A new report from the Center on Juvenile and Criminal Justice shows that Valley Counties on average send more people to jail and state prison than the rest of the state. Kings County topped the list with the state's highest per capita population in state prison, over 1,500 adults for every 100,000 people. Tulare and Kern counties weren't far behind.
Kings County also had the highest overall incarceration rate in the state, which combines both county jail and state prison populations. For every 1,000 adult felony arrests last year, Kings County had over 1,300 inmates sentenced in state prison.
"Kings County does appear at the top of every metric involved with state incarceration and certainly higher on the jail incarceration rates though not at the top, " said Selena Teji, from the Center on Juvenile and Criminal Justice.
She says that the reliance on incarcerating criminals instead of alternative programs could be a problem, now that the state's criminal justice "realignment," also known as AB109, is reducing the state prison population and shifting inmates to county jails.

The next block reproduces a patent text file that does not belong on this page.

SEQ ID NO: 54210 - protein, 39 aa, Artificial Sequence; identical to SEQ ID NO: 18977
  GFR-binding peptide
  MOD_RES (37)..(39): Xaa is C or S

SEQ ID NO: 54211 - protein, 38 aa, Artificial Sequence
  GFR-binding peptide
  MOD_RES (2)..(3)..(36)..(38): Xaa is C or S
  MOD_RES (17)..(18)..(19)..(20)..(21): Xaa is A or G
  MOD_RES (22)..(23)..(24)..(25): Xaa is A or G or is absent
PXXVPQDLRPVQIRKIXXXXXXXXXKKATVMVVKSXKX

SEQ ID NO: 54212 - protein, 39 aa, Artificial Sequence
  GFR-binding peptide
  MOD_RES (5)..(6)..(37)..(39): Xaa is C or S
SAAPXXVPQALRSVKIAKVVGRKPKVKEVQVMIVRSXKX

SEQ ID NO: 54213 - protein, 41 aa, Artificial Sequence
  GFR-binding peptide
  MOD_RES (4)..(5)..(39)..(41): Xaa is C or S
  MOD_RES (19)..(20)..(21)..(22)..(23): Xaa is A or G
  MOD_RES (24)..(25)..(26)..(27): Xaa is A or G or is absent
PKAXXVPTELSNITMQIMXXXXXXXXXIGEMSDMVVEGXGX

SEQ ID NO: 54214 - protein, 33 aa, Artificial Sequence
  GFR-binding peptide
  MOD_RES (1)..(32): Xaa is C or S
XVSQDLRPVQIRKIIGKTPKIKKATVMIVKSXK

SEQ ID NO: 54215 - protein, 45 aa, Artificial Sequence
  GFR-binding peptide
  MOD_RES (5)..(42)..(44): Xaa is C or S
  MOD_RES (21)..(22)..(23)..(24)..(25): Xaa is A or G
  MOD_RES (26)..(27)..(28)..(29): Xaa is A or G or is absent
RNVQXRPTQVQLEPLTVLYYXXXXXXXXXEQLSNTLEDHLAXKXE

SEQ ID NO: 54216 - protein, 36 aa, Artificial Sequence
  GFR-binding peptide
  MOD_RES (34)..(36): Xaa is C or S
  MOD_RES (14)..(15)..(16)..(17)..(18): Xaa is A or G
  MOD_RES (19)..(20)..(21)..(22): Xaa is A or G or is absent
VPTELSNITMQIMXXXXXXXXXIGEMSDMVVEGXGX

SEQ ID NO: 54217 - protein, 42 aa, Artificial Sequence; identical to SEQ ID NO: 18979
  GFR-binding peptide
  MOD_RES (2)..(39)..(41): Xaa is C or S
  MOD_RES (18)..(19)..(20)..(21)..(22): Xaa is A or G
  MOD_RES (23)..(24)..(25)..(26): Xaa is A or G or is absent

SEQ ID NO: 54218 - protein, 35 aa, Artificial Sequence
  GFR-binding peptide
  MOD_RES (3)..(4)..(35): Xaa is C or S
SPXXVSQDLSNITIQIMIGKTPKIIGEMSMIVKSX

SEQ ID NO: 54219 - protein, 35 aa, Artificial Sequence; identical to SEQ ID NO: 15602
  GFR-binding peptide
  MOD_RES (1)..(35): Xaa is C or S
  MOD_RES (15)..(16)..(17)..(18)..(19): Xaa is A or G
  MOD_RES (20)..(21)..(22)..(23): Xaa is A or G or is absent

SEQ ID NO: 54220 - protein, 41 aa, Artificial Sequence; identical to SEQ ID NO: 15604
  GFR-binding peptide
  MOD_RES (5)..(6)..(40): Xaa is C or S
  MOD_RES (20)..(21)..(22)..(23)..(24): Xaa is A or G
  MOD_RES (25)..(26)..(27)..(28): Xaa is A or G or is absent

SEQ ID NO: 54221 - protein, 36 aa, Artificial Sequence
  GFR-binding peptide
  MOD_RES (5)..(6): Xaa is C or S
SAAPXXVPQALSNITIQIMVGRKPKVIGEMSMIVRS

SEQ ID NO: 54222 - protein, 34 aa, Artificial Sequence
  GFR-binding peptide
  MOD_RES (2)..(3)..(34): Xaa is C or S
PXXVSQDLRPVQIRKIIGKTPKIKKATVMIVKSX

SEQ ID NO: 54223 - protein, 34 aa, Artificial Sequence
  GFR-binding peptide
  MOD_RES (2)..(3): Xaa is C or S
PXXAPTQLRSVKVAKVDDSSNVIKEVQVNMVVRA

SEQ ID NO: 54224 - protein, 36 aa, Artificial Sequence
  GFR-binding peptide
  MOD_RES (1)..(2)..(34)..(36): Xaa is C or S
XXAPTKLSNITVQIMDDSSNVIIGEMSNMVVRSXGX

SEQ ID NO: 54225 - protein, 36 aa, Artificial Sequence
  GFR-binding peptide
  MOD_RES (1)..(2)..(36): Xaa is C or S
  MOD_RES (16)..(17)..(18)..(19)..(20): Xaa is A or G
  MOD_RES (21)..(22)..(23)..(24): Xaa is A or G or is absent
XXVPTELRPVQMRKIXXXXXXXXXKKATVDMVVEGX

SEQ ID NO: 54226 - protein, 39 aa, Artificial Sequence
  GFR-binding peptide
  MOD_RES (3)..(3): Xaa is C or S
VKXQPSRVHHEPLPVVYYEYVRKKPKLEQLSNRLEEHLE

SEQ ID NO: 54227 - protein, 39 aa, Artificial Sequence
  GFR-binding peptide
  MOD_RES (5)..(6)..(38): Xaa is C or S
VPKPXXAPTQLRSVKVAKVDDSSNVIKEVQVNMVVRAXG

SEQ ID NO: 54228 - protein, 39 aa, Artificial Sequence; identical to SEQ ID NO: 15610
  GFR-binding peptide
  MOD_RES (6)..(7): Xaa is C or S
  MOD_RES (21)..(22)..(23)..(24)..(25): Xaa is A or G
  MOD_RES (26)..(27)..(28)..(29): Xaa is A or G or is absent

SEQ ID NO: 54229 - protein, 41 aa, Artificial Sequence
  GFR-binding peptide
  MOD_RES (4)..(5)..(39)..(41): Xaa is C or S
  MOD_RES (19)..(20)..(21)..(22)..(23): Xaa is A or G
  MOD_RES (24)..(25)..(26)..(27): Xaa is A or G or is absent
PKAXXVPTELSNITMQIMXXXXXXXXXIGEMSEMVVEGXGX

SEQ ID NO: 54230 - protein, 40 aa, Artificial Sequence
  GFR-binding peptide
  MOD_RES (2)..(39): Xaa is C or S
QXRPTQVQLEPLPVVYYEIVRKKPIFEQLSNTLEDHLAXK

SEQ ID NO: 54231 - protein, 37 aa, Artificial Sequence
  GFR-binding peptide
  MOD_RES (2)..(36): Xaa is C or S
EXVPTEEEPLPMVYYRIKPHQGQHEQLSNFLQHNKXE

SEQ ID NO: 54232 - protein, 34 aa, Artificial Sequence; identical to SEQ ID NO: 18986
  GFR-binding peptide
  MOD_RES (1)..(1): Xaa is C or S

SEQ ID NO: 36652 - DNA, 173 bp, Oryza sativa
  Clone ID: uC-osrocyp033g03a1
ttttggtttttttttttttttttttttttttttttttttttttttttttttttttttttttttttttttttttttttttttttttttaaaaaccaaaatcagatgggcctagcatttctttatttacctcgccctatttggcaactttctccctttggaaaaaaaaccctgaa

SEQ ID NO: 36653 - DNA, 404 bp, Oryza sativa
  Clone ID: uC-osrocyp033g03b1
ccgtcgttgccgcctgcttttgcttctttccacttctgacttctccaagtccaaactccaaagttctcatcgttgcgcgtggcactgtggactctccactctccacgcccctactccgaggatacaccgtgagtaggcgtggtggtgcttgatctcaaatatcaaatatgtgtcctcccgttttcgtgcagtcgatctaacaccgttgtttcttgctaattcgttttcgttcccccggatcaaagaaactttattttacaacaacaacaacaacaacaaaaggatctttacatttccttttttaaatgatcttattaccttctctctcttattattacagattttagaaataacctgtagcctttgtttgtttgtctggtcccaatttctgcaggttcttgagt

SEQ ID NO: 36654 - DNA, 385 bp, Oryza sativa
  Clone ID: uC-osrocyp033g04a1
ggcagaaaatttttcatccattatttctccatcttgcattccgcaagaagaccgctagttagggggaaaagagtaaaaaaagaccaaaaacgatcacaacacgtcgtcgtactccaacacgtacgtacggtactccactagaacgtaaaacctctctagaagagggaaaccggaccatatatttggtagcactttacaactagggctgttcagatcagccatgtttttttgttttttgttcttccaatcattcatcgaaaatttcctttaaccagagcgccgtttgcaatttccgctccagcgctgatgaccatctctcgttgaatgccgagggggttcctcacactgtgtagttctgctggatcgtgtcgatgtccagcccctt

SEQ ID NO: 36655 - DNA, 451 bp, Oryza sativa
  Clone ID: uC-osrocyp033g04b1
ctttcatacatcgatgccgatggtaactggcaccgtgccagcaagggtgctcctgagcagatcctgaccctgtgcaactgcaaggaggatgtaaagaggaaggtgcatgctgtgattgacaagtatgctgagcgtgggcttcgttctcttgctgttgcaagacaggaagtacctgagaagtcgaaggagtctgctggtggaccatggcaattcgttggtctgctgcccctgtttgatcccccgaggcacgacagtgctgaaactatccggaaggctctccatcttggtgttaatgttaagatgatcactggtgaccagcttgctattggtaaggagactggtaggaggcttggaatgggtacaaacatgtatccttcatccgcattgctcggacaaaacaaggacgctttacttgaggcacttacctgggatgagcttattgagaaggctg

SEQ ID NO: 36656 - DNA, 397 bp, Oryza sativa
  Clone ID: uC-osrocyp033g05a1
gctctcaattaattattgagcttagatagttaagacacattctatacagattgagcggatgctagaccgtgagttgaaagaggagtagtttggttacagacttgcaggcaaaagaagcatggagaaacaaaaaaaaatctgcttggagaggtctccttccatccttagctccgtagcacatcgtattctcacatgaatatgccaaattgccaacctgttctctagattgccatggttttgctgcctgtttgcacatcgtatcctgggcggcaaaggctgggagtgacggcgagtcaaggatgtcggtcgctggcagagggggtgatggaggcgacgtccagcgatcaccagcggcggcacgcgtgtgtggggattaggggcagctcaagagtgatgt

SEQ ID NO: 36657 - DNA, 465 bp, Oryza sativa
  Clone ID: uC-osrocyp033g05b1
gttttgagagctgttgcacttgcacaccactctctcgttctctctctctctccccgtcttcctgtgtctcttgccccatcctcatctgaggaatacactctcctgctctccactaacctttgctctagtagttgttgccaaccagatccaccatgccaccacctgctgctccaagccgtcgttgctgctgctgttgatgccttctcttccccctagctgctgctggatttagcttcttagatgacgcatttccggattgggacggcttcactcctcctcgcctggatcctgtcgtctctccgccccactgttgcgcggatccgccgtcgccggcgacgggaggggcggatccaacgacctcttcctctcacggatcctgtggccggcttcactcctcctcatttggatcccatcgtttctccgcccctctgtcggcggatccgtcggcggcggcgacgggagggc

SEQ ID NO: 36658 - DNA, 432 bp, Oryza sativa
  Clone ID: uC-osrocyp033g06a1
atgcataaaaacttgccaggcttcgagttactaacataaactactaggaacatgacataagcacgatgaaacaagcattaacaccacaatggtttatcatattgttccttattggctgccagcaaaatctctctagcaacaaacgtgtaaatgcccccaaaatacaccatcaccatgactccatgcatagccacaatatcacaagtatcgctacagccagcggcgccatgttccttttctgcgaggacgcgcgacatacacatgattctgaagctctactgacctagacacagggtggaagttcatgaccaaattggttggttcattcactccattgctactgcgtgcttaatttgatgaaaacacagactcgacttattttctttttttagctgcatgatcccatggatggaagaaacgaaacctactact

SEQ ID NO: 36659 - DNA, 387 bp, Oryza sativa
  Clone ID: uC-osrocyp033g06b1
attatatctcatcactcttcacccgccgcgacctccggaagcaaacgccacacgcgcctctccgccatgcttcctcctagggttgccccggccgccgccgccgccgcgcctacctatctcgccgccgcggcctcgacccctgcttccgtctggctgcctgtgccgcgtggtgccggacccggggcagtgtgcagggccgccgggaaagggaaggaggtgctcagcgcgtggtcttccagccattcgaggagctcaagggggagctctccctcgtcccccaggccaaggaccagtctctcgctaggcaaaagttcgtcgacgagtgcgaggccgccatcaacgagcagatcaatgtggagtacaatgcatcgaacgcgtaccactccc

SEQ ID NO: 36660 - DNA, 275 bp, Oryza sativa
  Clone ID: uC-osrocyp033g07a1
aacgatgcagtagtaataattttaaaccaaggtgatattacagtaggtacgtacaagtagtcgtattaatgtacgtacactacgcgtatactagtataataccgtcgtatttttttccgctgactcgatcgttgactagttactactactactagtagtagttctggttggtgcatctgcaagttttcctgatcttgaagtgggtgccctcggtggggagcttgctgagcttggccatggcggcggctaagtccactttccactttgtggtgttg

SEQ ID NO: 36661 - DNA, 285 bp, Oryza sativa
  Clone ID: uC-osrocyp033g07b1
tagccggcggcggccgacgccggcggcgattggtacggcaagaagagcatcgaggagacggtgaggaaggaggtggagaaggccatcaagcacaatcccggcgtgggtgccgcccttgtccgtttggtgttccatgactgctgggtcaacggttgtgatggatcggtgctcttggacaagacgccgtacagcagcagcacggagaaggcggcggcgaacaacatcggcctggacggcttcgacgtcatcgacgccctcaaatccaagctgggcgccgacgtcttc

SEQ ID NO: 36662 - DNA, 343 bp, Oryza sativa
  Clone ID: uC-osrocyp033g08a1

"Over the last eight months of realignment, they [Kings County] have actually received a lot more responsibility for those low level offenders under AB109. They’ve seen a big, I think, 54 percent increase of new criminal justice population that they have to supervise," said Teji.
She says Valley counties may want to look to the model of others throughout the state. "For example Santa Cruz again, [which is] investing in pre-trial alternatives, investing in alternatives to incarceration. San Francisco is another example which has a long history of providing community based organizations providing services to the criminal justice population. It's been incredibly successful," said Teji.
There was some good news however. Kings County had one of the lowest reported crime rates in the state, unlike Fresno and Kern Counties, which were number 3 and 4 out of California’s 58 counties.